Connolly would file a motion for a new trial based on discovering Salemme lied and also other material. Judge Tauro denied the motion without giving any reason. Connolly then brought the case to the Appeals Court.
That court indicated in its opening line that Connolly was not going to get a fair hearing. Judge Selya wrote the federal courts “are by now painfully familiar with the Winter Hill gang and its corrupt relationship with the Boston office of the FBI.” Hard to escape the feeling that it had slammed the door on Connolly before it heard a word of his appeal. In other words, no matter how egregious his conviction may have been they are just tired of listening about it.
As to the issue of Salemme lies at trial, the appeals court, as expected from its opening line, gave that short shrift. It agreed Salemme was not wholly truthful at his trial. Then it says “this possible perjury is . . . of minor moment.” Why, because the jurors knew of Salemme’s nefarious past and had “good reason to believe that is every word was not deserving of unqualified respect.”
Yikes! A person who admits he is a gangster can perjure himself at trial and because the jury knows he’s a gangster it knows he may be perjuring himself. Doesn’t this bring us back to the critical first issue: why should a gangster be allowed to testify if the jury has to guess at when he is telling the truth?
Judge Selya went on to say the district court judge could conclude that “that neither the alleged perjury nor the attribution of one more murder to Salemme was likely to taint his other testimony.” The problem with that reasoning was the district court judge did not write a decision relative to the issue. He just denied the motion for a trial outright without a hearing.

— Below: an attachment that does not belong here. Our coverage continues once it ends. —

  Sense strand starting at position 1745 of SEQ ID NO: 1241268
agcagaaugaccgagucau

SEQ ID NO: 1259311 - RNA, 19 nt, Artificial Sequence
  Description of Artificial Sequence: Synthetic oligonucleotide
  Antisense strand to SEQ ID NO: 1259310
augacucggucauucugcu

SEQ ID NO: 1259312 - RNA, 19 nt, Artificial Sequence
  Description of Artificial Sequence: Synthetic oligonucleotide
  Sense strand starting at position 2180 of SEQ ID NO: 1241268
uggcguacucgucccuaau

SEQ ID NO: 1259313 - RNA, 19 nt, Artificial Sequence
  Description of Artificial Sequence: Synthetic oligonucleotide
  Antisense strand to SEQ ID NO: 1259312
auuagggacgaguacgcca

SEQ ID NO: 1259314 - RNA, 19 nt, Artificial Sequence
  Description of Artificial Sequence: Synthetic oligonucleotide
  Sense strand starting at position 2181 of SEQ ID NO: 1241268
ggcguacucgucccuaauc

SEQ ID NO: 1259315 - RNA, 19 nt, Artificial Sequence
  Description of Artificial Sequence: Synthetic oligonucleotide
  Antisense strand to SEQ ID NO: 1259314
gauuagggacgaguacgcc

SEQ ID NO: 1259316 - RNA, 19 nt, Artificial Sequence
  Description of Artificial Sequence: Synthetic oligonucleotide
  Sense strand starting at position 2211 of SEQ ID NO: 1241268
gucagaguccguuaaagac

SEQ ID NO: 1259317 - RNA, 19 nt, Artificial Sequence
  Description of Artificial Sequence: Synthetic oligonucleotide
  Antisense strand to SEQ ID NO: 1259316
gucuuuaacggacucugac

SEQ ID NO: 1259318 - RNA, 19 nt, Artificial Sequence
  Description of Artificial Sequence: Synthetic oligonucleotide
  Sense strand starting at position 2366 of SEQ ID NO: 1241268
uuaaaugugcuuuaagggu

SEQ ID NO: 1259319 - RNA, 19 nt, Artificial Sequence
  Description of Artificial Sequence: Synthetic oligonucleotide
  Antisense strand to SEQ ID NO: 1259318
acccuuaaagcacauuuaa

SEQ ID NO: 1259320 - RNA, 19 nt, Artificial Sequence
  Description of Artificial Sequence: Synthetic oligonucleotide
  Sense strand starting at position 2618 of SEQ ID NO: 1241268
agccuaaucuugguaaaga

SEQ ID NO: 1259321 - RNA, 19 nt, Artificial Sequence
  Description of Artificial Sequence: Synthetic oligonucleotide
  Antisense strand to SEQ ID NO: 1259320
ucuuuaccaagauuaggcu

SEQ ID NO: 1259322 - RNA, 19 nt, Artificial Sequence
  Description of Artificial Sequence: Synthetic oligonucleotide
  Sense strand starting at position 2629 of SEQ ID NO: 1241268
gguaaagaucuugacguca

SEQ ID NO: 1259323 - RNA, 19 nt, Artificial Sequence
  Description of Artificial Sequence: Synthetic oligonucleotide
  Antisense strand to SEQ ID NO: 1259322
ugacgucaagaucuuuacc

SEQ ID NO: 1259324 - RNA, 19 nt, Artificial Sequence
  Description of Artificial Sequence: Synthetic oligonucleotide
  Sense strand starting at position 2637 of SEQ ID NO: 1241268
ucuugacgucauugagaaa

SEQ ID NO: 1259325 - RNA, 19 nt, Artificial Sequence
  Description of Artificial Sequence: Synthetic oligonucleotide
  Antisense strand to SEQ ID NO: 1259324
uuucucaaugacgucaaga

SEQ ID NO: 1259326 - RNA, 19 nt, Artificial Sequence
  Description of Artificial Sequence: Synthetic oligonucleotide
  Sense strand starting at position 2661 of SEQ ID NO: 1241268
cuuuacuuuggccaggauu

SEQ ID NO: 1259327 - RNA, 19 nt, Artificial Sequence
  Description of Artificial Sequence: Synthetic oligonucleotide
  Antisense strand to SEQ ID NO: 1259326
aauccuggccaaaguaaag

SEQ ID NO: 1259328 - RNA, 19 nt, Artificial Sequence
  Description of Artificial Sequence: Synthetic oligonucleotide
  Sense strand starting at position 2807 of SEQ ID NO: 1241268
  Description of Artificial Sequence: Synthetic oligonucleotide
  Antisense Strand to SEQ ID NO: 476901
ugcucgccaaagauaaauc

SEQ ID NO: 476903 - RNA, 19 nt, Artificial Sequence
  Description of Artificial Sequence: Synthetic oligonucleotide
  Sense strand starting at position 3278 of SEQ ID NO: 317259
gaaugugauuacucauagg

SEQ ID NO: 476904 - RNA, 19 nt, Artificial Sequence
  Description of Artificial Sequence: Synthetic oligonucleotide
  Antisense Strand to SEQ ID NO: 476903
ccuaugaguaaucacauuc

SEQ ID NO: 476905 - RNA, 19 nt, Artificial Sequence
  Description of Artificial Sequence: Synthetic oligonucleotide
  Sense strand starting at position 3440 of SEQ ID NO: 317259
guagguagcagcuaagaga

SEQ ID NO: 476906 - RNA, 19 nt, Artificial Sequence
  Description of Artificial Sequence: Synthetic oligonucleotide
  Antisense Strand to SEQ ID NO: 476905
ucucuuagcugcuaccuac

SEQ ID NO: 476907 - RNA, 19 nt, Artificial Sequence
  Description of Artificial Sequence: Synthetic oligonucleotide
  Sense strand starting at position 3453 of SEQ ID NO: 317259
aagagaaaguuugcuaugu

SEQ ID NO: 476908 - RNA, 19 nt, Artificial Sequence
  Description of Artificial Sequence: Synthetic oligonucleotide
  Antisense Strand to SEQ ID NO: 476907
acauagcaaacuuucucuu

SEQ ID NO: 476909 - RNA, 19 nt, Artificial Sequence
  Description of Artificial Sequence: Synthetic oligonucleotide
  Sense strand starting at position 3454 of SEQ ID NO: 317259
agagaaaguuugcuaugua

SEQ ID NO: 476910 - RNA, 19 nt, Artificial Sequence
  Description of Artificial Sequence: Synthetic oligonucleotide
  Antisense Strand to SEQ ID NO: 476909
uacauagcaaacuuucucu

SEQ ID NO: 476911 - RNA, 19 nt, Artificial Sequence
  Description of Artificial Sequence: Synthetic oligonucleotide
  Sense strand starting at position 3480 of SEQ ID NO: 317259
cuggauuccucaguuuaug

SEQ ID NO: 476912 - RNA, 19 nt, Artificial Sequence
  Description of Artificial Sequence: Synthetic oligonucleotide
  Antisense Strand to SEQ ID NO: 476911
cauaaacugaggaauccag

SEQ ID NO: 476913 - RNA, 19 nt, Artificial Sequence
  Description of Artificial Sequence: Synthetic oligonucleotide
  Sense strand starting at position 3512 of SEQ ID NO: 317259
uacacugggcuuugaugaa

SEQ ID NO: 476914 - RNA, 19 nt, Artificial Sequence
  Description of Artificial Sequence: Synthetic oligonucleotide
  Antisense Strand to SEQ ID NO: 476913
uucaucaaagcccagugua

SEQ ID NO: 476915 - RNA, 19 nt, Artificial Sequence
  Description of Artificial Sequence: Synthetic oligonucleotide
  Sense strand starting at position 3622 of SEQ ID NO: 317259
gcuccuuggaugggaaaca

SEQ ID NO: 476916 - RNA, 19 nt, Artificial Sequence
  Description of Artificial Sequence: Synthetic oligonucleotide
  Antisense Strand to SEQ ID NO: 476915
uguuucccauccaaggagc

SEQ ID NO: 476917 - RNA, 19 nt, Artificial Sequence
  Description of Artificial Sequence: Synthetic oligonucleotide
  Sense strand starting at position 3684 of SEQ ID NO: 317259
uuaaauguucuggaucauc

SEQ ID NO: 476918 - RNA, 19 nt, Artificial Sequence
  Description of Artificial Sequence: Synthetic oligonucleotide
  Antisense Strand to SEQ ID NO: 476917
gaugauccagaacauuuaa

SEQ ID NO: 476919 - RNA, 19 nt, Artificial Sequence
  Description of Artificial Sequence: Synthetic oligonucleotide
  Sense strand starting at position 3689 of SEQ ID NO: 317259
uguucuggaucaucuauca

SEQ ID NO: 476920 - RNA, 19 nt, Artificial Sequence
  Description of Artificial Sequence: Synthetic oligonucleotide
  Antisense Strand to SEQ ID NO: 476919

There was another part of the motion for a new trial which I will next consider but Judge Selya who for whatever reason consults Roget’s Thesaurus when writing his opinions noted that the points raised: “each of which is asthenic, [do not] gain strength by the aggregation.” I had no idea what asthenic meant so I looked it up. It is defined as: “of, relating to, or exhibiting asthenia.” I looked that up. It is defined as, “abnormal physical weakness or lack of energy.” It is a medical term. I suppose Judge Selya is suggesting that it is a weak argument to point out a person who provided critical evidence at a trial committed perjury. To me that sounds like an asthenic conclusion. Selya would go on to say that Connolly was not entitled to an evidentiary hearing in the district court because it “would be supererogatory.”
We must wonder what lessons Durham takes away from this. It appears that the use of perjury at a trial is to be permitted. Does this give Durham the idea he can continue to do this in his other investigations?
Whatever happened to the doctrine: Falsus in uno, falsus in omnibus. It is a Latin phrase meaning “false in one thing, false in everything.”[ At common law, it is the legal principle that a witness who testifies falsely about one matter is not credible to testify about any matter. Some courts got away from the doctrine. Judge Posner pointed out in saying the doctrine should not be universally applied that “the mistakes that witnesses make in all innocence must be distinguished from slips that, whether or not they go to the core of the witness’s testimony, show that the witness is a liar.”
In the Connolly case there was no innocent mistake. He lied. It wasn’t “possible perjury” or “alleged perjury” as Judge Selya wrote it was plain old perjury. His lies did go to the core of his testimony.
The judge pointed out that he admitted to committing other murders but those were all before 1972; the jury could well have concluded he had stopped murdering people after he got out of prison in 1988 not knowing he was actively engaged in murder in 1993 or perhaps even more recently. How is it possible to believe that the jury knowing that would have just dismissed it from their determination of his credibility?